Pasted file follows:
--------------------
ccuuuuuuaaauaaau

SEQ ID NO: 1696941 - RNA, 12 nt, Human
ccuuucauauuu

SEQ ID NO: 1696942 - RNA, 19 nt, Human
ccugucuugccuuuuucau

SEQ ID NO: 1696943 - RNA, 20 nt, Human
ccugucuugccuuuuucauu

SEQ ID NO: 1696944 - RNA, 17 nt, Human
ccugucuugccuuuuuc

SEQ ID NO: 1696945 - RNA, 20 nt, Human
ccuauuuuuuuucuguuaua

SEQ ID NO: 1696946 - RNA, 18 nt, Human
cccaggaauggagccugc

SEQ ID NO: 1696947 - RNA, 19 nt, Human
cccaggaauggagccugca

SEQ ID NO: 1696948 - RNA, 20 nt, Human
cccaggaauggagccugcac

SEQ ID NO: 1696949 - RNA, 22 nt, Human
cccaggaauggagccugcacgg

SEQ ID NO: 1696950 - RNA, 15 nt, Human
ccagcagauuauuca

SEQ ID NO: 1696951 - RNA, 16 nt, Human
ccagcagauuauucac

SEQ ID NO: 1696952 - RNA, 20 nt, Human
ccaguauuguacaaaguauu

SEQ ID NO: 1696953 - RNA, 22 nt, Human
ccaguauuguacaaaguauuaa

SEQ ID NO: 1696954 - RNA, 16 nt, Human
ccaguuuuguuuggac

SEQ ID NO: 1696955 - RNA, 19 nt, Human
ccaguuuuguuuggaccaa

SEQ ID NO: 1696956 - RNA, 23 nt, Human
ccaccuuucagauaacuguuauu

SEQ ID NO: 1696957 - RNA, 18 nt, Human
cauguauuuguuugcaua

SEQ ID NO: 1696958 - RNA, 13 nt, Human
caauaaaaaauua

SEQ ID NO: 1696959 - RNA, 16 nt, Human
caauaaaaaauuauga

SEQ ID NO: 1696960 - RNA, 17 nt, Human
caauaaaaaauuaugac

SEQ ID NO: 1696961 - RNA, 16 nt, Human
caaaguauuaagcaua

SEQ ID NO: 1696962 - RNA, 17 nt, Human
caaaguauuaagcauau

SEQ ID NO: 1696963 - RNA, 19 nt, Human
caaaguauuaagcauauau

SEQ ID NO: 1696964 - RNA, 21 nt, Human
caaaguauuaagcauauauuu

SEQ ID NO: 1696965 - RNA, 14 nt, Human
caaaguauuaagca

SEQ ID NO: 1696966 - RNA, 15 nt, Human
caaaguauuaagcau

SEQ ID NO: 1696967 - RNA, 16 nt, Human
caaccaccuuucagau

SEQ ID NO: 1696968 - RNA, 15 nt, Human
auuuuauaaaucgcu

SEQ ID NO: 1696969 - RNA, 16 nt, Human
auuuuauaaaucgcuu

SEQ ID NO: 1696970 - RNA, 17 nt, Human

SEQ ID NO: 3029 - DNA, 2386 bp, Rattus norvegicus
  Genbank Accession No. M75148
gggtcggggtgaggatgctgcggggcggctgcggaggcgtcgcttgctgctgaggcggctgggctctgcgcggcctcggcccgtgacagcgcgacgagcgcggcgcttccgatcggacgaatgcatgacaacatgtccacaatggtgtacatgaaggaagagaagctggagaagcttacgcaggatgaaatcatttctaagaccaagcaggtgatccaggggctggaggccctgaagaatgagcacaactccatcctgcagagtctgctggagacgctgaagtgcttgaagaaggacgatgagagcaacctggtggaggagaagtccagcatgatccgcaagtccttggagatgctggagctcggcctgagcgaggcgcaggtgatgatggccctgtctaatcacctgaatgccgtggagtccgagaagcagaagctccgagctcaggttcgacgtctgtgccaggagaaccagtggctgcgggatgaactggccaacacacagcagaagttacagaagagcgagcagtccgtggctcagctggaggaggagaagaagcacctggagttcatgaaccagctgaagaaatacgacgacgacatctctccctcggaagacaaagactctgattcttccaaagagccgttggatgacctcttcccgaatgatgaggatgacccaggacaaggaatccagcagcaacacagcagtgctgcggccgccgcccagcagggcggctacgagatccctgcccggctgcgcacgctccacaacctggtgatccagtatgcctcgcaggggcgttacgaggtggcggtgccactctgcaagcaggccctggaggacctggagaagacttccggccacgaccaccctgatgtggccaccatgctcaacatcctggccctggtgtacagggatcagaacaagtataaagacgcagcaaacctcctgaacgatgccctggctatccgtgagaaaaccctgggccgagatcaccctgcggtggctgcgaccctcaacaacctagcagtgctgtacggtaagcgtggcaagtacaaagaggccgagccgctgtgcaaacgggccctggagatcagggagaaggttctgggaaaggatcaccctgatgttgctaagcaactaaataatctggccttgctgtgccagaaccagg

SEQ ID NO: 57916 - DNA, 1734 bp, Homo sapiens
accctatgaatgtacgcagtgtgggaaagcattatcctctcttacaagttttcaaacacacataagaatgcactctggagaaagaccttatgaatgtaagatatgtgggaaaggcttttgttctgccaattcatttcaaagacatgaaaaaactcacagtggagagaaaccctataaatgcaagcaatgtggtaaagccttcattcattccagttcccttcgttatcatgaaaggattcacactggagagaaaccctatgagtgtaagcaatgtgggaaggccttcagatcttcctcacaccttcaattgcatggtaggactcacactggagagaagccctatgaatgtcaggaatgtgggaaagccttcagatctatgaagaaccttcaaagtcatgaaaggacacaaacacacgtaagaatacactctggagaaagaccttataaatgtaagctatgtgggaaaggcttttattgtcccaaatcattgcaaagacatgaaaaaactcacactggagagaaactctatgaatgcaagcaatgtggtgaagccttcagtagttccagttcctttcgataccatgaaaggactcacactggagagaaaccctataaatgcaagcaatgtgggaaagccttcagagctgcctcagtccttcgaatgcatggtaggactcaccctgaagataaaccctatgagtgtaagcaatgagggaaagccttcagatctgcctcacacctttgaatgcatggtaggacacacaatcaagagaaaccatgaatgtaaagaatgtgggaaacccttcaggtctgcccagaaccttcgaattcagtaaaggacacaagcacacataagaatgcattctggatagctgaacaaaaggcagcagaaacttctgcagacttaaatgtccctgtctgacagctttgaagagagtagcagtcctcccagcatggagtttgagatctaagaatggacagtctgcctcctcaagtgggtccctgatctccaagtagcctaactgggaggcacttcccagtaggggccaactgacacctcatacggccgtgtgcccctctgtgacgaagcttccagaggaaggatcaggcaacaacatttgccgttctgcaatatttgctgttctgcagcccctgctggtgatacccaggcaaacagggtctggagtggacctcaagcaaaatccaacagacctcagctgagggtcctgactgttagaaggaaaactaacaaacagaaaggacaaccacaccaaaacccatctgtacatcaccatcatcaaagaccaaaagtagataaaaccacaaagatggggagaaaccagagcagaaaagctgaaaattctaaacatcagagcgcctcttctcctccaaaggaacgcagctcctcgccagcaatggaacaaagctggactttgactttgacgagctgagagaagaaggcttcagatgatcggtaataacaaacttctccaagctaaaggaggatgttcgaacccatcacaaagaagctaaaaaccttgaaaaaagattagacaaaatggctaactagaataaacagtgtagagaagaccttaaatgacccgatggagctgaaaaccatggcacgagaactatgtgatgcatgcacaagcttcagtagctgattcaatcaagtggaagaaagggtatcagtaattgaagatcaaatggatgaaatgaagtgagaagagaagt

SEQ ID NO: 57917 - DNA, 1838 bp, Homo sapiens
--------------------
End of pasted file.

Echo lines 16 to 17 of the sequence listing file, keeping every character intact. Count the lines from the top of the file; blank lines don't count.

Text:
SEQ ID NO: 1696948 - RNA, 20 nt, Human
cccaggaauggagccugcac